There is a reason why you don’t see many investors get interested in physical ownership of real estate until they can ensure that they can afford a property management company to run the day-to-day operations and the size of the family wealth is substantial enough that a single apartment complex won’t consume most of the family’s assets. In effect, this means that outright physical real estate ownership in the portfolios of investors with less than $1,000,000 in investable assets but takes off quickly once you study the assets of investors that have over $2,500,000 to invest. So why don’t you see a lot of real estate investments from the wealthy before that $2.5 million net worth point?
First, it requires a large amount of capital. If you buy a $250,000 house that you want to rent out, you are going to need at least $50,000 in cash to make the down payment, and plus an additional $3,000-$6,000 as part of the transaction costs necessary to acquire the property. It also requires an ongoing amount of capital. There is insurance for the property, maintenance for the property, taxes on the property, and advertisement expenses required to seek out a tenant.
Second, it is an illiquid asset with limited marketability. If someone buys a stock or a real estate investment trust (REIT), you can enter and exit your position online just about anytime you want Monday through Friday. Your asset converts to cash instantly. Not so with real estate. Between the date a home is listed for sale and payment from the sale occurs, almost 130 days come to pass. And this is contingent upon you actually finding a bidder. Furthermore, while you can enter and exit stock positions for $8 per trade, the cost of entering and exiting a real estate position is thousands of dollars.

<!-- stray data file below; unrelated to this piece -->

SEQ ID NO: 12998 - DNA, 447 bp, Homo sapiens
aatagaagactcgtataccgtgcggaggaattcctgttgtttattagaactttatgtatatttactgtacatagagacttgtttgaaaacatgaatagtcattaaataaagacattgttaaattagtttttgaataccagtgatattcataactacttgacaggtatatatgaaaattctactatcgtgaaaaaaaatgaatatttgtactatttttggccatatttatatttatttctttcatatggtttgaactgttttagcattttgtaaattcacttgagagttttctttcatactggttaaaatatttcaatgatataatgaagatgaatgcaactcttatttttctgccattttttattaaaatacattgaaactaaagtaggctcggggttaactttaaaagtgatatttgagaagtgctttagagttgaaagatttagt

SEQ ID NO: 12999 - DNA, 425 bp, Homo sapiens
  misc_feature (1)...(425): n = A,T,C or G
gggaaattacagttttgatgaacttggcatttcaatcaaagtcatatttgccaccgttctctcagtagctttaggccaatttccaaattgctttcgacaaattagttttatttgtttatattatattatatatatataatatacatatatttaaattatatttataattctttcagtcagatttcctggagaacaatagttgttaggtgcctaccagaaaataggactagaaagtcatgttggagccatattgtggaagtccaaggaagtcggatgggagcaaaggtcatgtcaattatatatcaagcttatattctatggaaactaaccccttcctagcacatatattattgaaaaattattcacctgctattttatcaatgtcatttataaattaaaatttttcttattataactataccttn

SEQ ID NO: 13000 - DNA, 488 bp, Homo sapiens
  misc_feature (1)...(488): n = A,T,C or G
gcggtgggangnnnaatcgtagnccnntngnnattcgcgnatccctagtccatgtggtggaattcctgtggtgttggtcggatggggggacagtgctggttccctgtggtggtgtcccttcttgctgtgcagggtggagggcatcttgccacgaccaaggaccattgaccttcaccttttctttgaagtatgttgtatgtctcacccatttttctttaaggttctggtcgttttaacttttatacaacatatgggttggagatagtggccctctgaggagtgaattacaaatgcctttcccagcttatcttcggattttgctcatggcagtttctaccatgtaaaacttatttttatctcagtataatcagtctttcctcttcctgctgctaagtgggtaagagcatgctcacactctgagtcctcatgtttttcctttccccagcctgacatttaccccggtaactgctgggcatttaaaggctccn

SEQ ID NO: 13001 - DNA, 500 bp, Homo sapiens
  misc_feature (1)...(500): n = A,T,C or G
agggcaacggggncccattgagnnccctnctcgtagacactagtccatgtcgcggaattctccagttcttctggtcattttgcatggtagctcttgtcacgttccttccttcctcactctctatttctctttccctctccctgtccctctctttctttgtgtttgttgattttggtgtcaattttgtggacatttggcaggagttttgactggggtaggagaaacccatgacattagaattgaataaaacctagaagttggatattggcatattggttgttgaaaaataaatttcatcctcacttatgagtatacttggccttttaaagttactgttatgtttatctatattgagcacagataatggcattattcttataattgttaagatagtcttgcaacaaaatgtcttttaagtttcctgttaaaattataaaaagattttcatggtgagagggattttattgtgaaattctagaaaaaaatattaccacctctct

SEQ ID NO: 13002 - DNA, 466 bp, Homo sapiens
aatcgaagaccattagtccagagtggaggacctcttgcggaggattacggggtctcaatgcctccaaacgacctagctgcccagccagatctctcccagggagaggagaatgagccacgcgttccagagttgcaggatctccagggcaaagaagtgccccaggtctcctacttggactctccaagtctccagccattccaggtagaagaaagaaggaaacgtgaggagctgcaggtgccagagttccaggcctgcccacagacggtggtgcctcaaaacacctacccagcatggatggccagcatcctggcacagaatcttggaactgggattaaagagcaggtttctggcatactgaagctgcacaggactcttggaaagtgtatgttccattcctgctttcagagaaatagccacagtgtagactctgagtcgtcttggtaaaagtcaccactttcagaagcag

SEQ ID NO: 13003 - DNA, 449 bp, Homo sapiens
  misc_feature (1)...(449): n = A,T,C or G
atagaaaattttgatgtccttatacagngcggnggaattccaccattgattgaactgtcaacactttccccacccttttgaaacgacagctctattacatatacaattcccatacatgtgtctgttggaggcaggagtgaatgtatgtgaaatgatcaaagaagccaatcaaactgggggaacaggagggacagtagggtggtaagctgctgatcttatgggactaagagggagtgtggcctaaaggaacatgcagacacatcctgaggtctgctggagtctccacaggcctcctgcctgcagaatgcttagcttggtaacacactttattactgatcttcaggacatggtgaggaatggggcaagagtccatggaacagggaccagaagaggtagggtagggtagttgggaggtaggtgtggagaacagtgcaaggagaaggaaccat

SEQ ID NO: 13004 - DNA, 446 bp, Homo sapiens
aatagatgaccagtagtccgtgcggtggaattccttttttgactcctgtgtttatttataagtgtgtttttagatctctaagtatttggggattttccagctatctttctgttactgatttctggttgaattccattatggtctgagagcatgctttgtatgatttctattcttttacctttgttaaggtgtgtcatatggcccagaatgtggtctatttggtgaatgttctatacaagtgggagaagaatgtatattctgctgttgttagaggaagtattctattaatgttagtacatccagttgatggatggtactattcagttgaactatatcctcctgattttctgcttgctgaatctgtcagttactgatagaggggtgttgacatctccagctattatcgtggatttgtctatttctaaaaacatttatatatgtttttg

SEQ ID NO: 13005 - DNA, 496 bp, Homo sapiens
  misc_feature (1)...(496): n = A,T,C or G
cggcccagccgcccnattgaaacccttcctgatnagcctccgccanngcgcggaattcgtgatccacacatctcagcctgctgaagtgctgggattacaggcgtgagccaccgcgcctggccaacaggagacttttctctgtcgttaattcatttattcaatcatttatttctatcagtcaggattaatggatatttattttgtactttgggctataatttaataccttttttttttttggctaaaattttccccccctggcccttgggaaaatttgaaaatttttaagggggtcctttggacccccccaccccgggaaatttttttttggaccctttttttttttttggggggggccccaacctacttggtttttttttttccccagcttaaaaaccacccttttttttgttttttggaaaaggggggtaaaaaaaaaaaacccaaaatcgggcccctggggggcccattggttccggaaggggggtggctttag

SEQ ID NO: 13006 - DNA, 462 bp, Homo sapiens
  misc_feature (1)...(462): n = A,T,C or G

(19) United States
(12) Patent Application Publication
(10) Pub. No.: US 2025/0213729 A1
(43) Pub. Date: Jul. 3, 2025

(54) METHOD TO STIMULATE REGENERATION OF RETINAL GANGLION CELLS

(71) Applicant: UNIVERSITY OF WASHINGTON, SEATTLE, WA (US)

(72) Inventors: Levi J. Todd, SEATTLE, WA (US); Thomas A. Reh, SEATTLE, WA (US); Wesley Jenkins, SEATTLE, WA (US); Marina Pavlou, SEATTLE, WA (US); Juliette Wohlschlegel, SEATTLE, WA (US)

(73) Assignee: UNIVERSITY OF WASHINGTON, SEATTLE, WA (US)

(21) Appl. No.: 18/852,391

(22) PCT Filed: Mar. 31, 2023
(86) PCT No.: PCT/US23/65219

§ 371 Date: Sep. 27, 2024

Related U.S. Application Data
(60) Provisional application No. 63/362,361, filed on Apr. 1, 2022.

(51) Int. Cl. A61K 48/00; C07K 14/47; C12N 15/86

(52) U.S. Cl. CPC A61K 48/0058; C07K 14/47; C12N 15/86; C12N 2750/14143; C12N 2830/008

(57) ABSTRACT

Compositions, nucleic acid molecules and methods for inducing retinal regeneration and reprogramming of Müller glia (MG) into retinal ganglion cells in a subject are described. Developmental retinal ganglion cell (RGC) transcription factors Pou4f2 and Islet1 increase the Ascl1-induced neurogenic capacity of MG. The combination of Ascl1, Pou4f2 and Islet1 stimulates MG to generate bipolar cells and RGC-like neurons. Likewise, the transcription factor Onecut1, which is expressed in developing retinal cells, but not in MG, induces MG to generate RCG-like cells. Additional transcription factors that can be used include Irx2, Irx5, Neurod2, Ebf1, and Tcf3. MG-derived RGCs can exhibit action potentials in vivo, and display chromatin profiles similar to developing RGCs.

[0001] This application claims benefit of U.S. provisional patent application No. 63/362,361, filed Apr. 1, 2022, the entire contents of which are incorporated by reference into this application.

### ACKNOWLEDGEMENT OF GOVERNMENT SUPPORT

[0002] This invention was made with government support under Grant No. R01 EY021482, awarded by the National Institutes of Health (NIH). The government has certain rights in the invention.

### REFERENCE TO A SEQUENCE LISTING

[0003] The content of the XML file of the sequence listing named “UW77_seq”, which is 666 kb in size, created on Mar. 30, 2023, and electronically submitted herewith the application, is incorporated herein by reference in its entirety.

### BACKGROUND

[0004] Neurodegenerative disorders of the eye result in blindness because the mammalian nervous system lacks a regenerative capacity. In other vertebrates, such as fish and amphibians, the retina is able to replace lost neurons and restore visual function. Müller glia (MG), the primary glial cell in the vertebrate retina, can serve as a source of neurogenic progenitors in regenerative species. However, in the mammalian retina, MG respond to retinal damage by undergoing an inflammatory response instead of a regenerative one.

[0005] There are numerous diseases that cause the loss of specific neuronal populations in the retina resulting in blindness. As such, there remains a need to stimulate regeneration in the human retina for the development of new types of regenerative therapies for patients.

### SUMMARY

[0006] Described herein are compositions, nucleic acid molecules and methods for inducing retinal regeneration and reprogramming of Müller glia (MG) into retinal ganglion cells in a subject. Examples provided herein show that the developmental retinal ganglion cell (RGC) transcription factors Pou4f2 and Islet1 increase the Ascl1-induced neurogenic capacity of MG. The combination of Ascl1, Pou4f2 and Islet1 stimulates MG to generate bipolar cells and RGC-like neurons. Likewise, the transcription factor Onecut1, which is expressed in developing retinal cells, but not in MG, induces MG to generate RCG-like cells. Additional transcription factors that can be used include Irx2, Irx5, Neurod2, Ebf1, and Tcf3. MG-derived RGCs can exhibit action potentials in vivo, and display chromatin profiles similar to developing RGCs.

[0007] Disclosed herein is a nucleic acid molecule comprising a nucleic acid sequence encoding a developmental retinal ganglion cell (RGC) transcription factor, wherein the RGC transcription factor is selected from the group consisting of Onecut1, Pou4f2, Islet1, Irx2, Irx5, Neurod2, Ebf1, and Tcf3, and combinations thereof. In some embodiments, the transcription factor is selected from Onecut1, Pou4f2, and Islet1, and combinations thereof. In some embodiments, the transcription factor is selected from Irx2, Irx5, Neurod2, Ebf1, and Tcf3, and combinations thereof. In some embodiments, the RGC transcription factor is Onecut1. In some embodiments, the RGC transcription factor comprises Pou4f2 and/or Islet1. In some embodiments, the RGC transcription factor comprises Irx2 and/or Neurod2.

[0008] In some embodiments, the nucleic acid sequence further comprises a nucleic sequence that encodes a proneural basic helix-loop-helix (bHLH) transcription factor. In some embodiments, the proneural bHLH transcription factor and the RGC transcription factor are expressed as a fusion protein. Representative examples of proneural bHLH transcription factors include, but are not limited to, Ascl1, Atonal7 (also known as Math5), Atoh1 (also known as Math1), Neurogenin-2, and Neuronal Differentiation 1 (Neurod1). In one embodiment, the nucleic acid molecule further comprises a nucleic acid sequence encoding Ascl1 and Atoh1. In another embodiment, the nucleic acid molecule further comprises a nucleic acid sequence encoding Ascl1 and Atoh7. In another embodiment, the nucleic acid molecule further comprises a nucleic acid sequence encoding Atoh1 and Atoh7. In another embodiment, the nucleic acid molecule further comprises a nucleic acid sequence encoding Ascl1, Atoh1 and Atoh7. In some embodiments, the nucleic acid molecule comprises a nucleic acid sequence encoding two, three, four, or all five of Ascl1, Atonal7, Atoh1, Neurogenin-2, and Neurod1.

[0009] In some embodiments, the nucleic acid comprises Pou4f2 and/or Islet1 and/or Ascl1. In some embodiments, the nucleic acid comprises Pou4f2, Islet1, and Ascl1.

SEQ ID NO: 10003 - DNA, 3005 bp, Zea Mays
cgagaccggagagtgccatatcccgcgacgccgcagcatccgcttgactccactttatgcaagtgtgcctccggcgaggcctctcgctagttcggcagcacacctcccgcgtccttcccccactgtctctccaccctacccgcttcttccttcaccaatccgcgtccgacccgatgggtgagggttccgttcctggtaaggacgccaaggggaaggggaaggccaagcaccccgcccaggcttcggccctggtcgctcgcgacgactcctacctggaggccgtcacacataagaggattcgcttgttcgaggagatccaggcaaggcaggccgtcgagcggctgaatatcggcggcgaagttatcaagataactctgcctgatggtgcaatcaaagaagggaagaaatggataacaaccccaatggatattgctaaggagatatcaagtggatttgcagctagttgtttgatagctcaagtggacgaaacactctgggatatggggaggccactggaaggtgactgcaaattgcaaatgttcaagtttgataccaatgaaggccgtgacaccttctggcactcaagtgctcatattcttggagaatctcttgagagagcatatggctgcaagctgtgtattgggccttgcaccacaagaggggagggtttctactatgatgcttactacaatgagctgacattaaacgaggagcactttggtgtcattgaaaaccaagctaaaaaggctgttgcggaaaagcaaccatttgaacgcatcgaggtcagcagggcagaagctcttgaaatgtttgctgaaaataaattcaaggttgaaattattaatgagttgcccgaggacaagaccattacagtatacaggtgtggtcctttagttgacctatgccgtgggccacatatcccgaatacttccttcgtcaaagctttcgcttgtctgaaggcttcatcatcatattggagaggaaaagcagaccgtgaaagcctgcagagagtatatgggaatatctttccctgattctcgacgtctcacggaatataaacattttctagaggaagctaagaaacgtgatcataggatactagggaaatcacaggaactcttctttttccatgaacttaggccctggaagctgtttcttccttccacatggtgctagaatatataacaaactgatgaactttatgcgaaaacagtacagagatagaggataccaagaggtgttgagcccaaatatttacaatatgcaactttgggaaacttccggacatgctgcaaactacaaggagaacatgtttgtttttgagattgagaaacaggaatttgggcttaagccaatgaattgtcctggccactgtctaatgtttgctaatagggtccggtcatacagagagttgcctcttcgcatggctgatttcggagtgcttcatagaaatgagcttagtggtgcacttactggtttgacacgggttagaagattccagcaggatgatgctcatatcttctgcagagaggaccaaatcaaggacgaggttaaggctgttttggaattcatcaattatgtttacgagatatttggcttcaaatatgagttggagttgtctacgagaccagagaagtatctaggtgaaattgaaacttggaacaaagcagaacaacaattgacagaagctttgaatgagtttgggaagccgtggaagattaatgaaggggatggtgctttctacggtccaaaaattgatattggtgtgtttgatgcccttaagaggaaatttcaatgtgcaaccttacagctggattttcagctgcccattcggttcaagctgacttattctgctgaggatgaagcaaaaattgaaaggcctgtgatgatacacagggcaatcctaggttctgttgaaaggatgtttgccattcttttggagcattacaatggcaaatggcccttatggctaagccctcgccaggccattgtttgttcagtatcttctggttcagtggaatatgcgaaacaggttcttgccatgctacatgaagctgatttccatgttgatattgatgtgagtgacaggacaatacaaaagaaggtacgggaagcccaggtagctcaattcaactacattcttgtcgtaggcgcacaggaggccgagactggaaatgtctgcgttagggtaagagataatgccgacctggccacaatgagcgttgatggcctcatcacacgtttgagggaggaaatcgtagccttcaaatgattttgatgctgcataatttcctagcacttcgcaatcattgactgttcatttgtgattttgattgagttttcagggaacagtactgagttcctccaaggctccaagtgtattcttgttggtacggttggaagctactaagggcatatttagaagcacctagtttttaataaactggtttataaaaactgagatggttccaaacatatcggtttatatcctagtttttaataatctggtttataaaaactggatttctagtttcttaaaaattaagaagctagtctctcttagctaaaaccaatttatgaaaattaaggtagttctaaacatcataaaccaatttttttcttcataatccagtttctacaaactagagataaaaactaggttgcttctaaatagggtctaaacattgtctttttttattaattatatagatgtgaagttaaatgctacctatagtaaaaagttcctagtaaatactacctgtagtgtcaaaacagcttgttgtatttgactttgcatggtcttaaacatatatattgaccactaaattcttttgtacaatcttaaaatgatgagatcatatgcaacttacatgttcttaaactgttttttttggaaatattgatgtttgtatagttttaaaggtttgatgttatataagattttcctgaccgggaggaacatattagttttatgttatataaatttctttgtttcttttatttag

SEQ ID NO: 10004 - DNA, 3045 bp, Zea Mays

Third, a real estate investment obviously has a fixed location. If the surrounding environment deteriorates, you are helpless. Even though the property is under your control, you cannot control the surrounding area which is a great input into the value that you charge for rent.
And Fourth, people always assume that they won’t go more than a month or two without a tenant. Just shy of 30% of first-time landlords have to endure four months or more without receiving rent in their first year. If you’re expecting $1,200 per month in rental income that doesn’t materialize, you could be hit with $5,000 in mortgage payments that weren’t part of your initial projections.
My view is that the markets are pretty rational about when to take on a real estate investment. It seems to me that wealthy families move into real estate once their wealth level reaches a point where the property investment takes up an insubstantial amount of their net worth and they have the funds to hire a property manager. If you don’t have the funds to do that, you have a bought yourself a job with an ownership interest rather than investment. Also, the transaction costs associated that precede the tenant’s first payment are far more substantial than real estate investors initially think. My view is that passive real estate investment trusts are the way to go before you’re a millionaire, and then the purchase of a physical property run by a property management group is the way to go after that. The exception would be if you’re a handyman who enjoys making property improvements and the liquidity and gumption to withstand the initial hussle.